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9/11 and the Literature of Terror$
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Martin Randall

Print publication date: 2011

Print ISBN-13: 9780748638529

Published to Edinburgh Scholarship Online: March 2012

DOI: 10.3366/edinburgh/9780748638529.001.0001

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PRINTED FROM EDINBURGH SCHOLARSHIP ONLINE (www.edinburgh.universitypressscholarship.com). (c) Copyright Edinburgh University Press, 2020. All Rights Reserved. An individual user may print out a PDF of a single chapter of a monograph in ESO for personal use.date: 03 April 2020

‘Beyond Belief’: McEwan, DeLillo and 110 Stories

‘Beyond Belief’: McEwan, DeLillo and 110 Stories

Chapter:
(p.19) Chapter 1 ‘Beyond Belief’: McEwan, DeLillo and 110 Stories
Source:
9/11 and the Literature of Terror
Author(s):

Martin Randall

Publisher:
Edinburgh University Press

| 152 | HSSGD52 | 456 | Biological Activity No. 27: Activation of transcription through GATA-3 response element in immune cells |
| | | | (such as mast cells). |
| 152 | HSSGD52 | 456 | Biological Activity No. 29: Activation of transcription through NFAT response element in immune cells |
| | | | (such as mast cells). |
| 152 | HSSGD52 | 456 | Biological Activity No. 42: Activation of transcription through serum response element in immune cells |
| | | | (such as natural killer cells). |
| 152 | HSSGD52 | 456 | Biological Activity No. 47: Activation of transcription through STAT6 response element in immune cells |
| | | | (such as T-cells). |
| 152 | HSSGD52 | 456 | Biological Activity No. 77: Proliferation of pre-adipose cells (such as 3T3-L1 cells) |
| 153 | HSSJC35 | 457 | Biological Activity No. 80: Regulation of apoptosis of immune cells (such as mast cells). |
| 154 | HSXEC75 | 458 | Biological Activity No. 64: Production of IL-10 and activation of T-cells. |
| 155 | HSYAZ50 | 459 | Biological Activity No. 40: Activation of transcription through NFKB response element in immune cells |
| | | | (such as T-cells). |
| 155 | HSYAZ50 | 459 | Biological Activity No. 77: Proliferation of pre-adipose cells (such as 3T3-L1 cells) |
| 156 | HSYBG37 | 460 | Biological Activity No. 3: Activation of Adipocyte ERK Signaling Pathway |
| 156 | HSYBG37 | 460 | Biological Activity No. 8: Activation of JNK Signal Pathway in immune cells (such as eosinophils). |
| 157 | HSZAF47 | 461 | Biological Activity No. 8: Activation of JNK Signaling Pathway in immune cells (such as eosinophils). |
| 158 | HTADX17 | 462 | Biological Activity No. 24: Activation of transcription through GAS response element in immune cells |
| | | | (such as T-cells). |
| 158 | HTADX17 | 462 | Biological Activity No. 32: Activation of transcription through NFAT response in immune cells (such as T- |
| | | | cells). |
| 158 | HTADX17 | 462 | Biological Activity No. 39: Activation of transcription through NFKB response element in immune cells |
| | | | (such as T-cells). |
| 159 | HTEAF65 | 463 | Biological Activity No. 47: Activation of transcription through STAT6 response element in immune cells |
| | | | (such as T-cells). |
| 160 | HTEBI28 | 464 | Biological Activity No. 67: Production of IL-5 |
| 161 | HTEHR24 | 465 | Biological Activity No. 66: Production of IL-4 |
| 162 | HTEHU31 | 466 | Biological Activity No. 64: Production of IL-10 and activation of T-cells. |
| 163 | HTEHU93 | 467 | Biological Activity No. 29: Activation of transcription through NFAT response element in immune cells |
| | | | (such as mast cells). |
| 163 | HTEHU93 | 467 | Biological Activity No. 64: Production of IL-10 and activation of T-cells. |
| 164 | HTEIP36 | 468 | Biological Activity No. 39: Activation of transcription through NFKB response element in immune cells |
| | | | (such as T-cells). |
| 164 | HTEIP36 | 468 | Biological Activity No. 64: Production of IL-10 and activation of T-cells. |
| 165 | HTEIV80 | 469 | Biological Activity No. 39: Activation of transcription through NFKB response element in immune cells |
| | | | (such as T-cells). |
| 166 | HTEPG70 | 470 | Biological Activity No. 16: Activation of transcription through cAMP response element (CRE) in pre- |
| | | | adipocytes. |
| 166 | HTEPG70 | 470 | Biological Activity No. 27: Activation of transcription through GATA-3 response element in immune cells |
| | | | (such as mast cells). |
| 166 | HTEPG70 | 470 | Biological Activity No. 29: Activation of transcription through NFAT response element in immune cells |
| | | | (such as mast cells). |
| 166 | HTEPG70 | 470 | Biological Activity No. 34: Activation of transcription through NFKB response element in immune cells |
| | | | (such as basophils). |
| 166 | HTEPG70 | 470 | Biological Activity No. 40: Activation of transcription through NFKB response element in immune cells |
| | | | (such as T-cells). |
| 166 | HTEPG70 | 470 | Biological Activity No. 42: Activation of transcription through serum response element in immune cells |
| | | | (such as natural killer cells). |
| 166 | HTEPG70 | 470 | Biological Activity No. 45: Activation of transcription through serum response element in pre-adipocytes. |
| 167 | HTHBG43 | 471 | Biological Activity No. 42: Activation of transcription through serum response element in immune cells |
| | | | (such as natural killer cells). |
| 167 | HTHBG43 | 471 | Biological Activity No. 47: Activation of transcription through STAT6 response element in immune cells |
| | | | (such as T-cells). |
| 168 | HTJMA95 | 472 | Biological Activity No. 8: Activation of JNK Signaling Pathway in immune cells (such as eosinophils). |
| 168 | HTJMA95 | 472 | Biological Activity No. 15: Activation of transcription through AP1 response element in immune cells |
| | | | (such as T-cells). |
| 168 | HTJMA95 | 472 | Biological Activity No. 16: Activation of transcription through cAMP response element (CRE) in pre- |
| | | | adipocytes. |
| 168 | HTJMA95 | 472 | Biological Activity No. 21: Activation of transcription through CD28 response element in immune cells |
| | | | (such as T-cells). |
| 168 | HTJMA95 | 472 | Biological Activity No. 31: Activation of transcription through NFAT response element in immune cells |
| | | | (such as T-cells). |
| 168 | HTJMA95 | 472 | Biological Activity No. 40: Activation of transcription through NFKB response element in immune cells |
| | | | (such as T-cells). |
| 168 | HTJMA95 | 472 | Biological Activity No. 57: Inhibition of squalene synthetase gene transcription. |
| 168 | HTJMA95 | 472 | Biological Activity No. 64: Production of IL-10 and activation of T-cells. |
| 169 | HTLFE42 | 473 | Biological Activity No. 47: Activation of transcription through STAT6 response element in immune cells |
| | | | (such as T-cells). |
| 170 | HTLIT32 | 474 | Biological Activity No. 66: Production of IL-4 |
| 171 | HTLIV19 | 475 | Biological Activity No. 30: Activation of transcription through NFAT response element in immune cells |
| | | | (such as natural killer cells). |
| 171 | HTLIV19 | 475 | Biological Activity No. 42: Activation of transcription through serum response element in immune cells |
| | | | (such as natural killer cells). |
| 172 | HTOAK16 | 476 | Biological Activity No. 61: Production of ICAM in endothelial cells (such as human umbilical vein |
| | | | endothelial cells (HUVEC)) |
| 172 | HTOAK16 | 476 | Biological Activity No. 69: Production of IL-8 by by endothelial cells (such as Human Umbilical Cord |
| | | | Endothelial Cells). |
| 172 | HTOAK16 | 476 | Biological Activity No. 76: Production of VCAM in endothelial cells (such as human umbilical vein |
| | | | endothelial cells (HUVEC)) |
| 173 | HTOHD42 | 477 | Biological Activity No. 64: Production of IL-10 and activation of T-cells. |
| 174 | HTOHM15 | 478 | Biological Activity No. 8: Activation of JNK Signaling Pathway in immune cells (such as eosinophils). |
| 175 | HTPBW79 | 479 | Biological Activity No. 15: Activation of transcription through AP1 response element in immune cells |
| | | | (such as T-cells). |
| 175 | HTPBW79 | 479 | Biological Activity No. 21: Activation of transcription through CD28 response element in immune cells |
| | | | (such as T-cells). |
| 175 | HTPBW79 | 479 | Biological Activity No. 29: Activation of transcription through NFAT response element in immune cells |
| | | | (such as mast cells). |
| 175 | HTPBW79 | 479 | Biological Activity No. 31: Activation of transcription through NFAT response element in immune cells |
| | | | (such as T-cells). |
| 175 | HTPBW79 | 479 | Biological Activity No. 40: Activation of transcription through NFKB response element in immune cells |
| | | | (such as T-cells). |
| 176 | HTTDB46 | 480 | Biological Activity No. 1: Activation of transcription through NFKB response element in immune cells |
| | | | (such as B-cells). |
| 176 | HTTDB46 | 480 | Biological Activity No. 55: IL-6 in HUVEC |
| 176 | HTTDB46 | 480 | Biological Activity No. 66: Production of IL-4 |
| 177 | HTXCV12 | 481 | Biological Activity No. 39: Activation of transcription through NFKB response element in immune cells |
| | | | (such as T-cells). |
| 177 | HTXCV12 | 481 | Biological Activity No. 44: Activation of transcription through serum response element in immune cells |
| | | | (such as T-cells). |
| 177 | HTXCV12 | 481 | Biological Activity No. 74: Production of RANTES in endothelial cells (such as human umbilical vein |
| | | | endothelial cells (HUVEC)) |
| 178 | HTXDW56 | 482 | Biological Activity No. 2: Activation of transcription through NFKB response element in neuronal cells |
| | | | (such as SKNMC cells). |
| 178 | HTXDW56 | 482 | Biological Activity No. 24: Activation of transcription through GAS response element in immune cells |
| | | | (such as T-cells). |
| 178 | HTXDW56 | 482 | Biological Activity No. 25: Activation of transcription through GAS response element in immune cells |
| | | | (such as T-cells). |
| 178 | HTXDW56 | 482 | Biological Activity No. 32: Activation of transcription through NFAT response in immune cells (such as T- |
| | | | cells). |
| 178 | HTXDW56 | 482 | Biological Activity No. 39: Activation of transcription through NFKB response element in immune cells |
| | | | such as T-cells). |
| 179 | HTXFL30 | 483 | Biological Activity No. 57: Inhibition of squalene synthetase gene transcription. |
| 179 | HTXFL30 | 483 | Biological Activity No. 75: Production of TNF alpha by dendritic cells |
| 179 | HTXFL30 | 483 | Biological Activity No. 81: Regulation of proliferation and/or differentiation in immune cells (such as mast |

DOI:10.3366/edinburgh/9780748638529.003.0002

This chapter discusses Ian McEwan's Beyond Belief, and the novelists' initial responses to the events of 9/11. 110 Stories: New York Writes after September 11 and Don DeLillo's ‘In the Ruins of the Future’ are also studied in this chapter. These three works are good examples of the early literary responses to 9/11. The chapter concludes that one can discern a development from McEwan's and DeLillo's impassioned and politically intemperate essays, to the more personal and mournful work in 110 Stories, and that geographical and temporal proximity play a major part in the ways writers approached the subject.

Keywords:   Ian McEwan, Don DeLillo, 110 Stories, early literary responses, geographical proximity, temporal proximity

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